In his 2001 song “Mississippi”, Grammy, Oscar, Golden Globe, Pulitzer and Nobel winner Bob Dylan informs us “You can always come back, but you can’t come back all the way”. I’ve been pondering the relevance of this pronouncement in the context of our current times, and came to the conclusion that, as always, Bob knew exactly what he was talking about.

The Coronavirus outbreak and ensuing COVID-19 pandemic have not only altered many aspects of our daily lives for the duration, but have also created a “New Normal” to which we’re all going to need to get used to. It’s entirely possible that the handshake will disappear; face-mask violations, once the sole dominion of Football officials on the gridiron, are now cited at grocery stores throughout the land; and the massive proliferation of home delivery services is certainly here to stay.

By far the biggest societal impact has been the rapid adoption of technological solutions to compensate for disallowed face-to-face interaction: all educational providers, from K-12 through Graduate Schools, after-school tutoring services and music instructors, have shifted over to online classes. Businesses and public-service entities (such as Local and Federal Government agencies) alike have sent employees to work from home, deploying Virtual Private Networks, Voice Over IP telephony, and a massive quantity of computer notebooks. The slightly dated, much-maligned Apple iPad has emerged as the one indispensable device with which one can manage all their remote interactions. This Passover, millions of families conducted extended Seder meals, connecting to their loved ones via Zoom teleconferencing (one of our friends had twelve families in their Seder connecting-up this way). Finally, an alternative to traveling to one’s In-Laws…

As we begin to emerge from our shelter-in-place and stay-at-home existences, and start the process of returning to our places of employment, we may find that, along with the handshake and morning stand-up meetings, another thing may have disappeared from our workplaces: Paper. For hundreds of years, paper has been the preferred method of collecting and distributing information; no more. People are simply going out of their way to avoid touching documents handled by others, and even paper money is getting short-shrifted these days, with many businesses opting to no longer accept the USA’s venerable “Legal Tender”. If your HR director won’t hold Benjamins in her hand, how do you think she’ll feel about processing an Injury Report, which had been serially filled-out by six of your co-workers, one of which was bleeding at the time?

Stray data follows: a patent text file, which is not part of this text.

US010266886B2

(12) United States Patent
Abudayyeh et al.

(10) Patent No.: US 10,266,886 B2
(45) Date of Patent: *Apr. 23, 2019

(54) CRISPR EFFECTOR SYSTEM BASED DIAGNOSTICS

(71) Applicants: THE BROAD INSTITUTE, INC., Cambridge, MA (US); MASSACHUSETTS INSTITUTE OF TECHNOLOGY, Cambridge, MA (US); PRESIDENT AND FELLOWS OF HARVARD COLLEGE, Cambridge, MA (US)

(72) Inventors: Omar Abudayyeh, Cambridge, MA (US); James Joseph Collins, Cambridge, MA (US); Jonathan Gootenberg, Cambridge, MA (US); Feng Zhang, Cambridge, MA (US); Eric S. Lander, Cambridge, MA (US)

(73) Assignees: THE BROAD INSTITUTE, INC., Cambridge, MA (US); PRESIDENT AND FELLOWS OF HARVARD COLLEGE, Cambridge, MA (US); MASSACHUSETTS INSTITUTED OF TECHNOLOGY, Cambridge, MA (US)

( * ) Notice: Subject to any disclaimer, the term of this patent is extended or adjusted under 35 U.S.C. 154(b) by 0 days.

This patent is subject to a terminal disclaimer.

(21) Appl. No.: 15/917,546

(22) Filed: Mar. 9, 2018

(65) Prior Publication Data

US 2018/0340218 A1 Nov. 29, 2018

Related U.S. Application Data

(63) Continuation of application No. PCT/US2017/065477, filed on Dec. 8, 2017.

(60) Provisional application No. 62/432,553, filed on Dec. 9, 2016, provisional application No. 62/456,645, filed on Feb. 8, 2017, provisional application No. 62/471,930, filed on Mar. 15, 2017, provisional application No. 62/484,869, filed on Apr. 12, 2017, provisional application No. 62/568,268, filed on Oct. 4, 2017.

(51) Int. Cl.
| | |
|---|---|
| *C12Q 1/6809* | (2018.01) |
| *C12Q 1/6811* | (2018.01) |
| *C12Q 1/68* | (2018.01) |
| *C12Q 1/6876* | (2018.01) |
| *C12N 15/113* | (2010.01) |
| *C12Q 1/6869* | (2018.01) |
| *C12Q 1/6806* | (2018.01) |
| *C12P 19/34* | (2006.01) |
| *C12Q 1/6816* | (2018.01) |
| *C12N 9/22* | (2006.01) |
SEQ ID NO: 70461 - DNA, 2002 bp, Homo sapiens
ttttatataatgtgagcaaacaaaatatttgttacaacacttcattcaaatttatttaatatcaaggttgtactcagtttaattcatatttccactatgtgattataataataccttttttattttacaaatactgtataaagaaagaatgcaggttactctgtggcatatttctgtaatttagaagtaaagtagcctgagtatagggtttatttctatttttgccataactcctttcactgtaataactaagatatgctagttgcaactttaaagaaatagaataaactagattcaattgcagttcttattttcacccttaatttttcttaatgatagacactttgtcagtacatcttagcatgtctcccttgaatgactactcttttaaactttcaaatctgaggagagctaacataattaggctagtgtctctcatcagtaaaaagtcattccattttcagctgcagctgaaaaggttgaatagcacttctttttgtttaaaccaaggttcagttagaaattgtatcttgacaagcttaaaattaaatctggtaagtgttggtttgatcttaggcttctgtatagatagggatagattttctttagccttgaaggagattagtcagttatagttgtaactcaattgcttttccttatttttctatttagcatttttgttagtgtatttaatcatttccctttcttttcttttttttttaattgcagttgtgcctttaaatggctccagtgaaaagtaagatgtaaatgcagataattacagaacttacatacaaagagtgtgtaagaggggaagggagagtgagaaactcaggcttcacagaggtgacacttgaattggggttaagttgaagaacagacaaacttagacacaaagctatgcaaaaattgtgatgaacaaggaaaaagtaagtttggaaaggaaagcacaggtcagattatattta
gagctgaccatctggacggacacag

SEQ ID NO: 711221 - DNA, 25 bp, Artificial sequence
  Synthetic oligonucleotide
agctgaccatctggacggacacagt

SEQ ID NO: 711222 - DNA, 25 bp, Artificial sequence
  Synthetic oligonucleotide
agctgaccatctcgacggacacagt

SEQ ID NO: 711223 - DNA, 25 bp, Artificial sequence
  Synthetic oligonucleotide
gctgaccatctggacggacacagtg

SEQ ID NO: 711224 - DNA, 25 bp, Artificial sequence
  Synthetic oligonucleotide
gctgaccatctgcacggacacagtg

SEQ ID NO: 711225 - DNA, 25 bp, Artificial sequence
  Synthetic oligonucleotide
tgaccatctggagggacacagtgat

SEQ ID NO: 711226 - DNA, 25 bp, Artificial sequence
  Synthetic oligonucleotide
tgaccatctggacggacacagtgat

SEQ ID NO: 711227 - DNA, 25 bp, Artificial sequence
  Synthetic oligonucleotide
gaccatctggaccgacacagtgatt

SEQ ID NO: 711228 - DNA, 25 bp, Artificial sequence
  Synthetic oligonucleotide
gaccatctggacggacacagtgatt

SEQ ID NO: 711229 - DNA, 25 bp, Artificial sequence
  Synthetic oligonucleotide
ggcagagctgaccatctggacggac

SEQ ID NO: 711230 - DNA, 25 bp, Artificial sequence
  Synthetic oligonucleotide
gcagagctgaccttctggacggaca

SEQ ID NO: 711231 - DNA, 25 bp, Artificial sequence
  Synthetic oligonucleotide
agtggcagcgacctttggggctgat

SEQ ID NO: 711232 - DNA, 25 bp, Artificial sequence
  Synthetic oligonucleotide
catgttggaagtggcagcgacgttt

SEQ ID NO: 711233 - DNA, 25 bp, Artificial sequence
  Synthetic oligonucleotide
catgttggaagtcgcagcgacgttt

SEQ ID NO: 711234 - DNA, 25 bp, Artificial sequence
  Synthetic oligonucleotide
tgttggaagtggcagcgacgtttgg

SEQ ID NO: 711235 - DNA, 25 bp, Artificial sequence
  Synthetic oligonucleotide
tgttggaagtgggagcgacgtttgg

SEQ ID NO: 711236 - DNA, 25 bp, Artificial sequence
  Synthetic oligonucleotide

Truth be told, most businesses already have long ago implemented various technologies for contact-free communications and interaction with the outside world: emails are a routine part of customer and supplier relationships, as are online order forms, electronic billing and payment systems, bid submittal portals and digital document signatures all represent methods which have not only greatly improved operating efficiencies, but also keep microbes, germs, and (non-electronic) viruses at bay. I expect to see an even greater reliance on these (and other) mechanisms, especially in Business-to-Consumer interactions.

But what about our Workplace interactions and paper flow?

Most organizations still rely on in-house designed paper forms to convey information from remote job sites back to the head office. This is true of distribution companies who leave a few blank accident forms in the trucks’ glove compartment, the contractors who keep a stack of incident reports in the construction trailer, or the city landscapers that tear up the park office looking for that elusive safety inspection form. If that sounds familiar, don’t feel bad about it, you’re in good company: most organizations tend to make significant investments in “outwards facing” data communication technology, with a lessened focus on internal paperflow, certainly when it comes to more sporadic exception reporting regarding injuries, utility strikes, property damage or safety near-misses. Unfortunately, the shift away from direct human contact and multi-user paper forms puts pressure on those responsible for such reporting to source, onboard, and deploy technologies which allow the documentation, collection, and dissemination of workplace incidents in a seamless, real time manner, without running the risk of recording avoidance or reporting lag because employees are no longer comfortable “moving paper”.

The good news is that handheld devices have become so ubiquitous in our society that their scope of usage and user familiarity are virtually universal. As such, implementing Workplace Incident Recording and Reporting applications such as Compatica is done rapidly, painlessly, and with no friction or task delays. Deploying electronic solutions takes away the need to fill out and “flow” paper from the worksite, removing health-risks and delivering improved accuracy,  immediacy, and ease-of-use to a complex, frustrating process.

Thomas Watson Jr., son of the founder of IBM (and, in his own right, its second president) famously opined that “A paperless office is as feasible as a paperless bathroom.” Well, truth be told, Tom never had the opportunity to use an iPhone or a tablet (let alone experience firsthand the Great Bathroom Tissue Shortage of 2020) but he knew better than most to heed Dylan’s stark warning from way back in 1964: “You’d better start swimmin’ or you’ll sink like a stone, for the times they are a-changin’”.